Many source languages provide a way of concisely declaring a dictionary type object. However, whilst some have semantics that insist the key is a string (or maybe even a number), others allow the key to be any string-like type.


If you have a standard dictionary with a string based key then you should continue to use the standard syntax for declaring it in the source language. For example, in TypeScript:


The dict type enables us to declare a string-like key type in a source language that does not inherently allow it.

Symbol Usage Notes
type dict<K, V> = { [k:string] : V } Dict definition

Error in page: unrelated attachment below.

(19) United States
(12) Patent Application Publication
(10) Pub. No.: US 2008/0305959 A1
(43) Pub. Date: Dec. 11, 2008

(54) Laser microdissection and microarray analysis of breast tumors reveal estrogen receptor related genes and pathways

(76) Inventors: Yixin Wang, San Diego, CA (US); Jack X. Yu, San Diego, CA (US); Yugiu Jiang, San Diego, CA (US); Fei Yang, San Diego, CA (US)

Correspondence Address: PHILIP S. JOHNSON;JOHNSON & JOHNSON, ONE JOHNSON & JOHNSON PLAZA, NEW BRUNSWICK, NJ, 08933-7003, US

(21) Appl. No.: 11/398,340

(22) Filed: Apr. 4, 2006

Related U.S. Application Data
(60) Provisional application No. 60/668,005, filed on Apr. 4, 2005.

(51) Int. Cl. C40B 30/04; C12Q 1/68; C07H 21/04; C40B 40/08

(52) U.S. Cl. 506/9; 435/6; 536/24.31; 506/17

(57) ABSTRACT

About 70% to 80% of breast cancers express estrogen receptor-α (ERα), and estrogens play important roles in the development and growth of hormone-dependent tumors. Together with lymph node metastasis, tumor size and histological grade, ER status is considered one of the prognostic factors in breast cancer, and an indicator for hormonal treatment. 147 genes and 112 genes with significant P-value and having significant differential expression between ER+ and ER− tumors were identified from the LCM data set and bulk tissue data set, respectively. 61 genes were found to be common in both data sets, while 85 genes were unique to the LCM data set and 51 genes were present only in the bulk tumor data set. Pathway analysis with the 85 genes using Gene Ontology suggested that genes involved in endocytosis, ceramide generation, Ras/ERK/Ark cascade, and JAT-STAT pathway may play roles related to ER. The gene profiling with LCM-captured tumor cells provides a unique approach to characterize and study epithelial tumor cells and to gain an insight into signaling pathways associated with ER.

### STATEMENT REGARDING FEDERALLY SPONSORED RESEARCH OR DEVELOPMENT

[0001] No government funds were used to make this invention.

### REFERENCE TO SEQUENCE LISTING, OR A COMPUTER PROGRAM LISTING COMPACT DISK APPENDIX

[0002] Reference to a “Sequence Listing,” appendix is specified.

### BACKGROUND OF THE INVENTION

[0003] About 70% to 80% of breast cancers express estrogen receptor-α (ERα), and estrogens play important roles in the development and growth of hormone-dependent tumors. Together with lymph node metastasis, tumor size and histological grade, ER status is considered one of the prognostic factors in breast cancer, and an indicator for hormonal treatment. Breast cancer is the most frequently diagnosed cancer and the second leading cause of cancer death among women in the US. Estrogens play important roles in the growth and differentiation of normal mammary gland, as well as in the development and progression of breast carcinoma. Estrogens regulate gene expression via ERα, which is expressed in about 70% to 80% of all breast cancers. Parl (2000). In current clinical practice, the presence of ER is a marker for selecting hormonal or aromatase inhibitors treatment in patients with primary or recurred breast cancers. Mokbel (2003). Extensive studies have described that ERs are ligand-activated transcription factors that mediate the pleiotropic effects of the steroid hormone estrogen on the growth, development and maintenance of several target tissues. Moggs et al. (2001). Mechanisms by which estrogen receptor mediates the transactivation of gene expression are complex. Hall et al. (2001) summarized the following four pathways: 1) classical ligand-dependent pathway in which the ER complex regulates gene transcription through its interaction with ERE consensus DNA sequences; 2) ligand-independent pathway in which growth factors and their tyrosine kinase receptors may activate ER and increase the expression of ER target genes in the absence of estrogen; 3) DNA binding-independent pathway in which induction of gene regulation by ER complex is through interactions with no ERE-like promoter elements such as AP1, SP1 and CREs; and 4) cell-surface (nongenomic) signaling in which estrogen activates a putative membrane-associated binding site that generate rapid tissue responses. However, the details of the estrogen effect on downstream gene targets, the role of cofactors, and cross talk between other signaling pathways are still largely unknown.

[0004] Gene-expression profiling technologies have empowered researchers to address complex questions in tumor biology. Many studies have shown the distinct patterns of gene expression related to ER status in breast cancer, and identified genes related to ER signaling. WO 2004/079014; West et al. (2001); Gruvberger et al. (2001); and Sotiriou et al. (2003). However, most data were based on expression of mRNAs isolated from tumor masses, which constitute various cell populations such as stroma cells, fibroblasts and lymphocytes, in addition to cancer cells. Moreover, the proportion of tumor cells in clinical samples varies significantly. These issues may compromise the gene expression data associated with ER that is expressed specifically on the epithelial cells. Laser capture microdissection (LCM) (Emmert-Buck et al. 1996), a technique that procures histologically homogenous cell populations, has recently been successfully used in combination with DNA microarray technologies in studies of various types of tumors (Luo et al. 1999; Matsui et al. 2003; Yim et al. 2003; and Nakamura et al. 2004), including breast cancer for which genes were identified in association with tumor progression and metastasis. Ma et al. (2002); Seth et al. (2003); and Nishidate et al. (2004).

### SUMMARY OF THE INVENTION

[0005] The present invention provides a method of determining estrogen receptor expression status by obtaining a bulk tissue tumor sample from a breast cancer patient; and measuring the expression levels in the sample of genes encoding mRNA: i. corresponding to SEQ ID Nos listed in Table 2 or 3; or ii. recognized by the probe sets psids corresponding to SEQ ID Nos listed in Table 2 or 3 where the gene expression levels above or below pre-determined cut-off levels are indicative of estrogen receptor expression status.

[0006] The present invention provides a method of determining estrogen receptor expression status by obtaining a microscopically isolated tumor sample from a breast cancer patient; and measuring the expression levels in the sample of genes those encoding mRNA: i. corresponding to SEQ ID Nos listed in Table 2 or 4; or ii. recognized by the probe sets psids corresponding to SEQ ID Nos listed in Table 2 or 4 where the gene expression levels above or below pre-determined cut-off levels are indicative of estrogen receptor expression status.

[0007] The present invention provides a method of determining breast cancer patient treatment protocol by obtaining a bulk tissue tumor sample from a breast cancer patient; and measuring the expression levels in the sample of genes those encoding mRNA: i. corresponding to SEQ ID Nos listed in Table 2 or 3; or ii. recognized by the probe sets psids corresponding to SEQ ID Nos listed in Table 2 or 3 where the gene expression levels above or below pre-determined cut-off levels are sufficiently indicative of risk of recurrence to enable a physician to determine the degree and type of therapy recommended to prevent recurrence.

Notice that dict is aliased to a standard dictionary structure, which means we still work with it in code as if it were a string based key.

In the emission K will be used in place of string for declarations. This is simply type name substitution, similar to how intrinsics are implemented.

NOTE This workaround is primarily to satisfy native contracts in languages that have more liberal dictionary constraints like Swift. If you are not exchanging dictionary instances with native third party code it is recommended you stick with the more common string based key paradigm.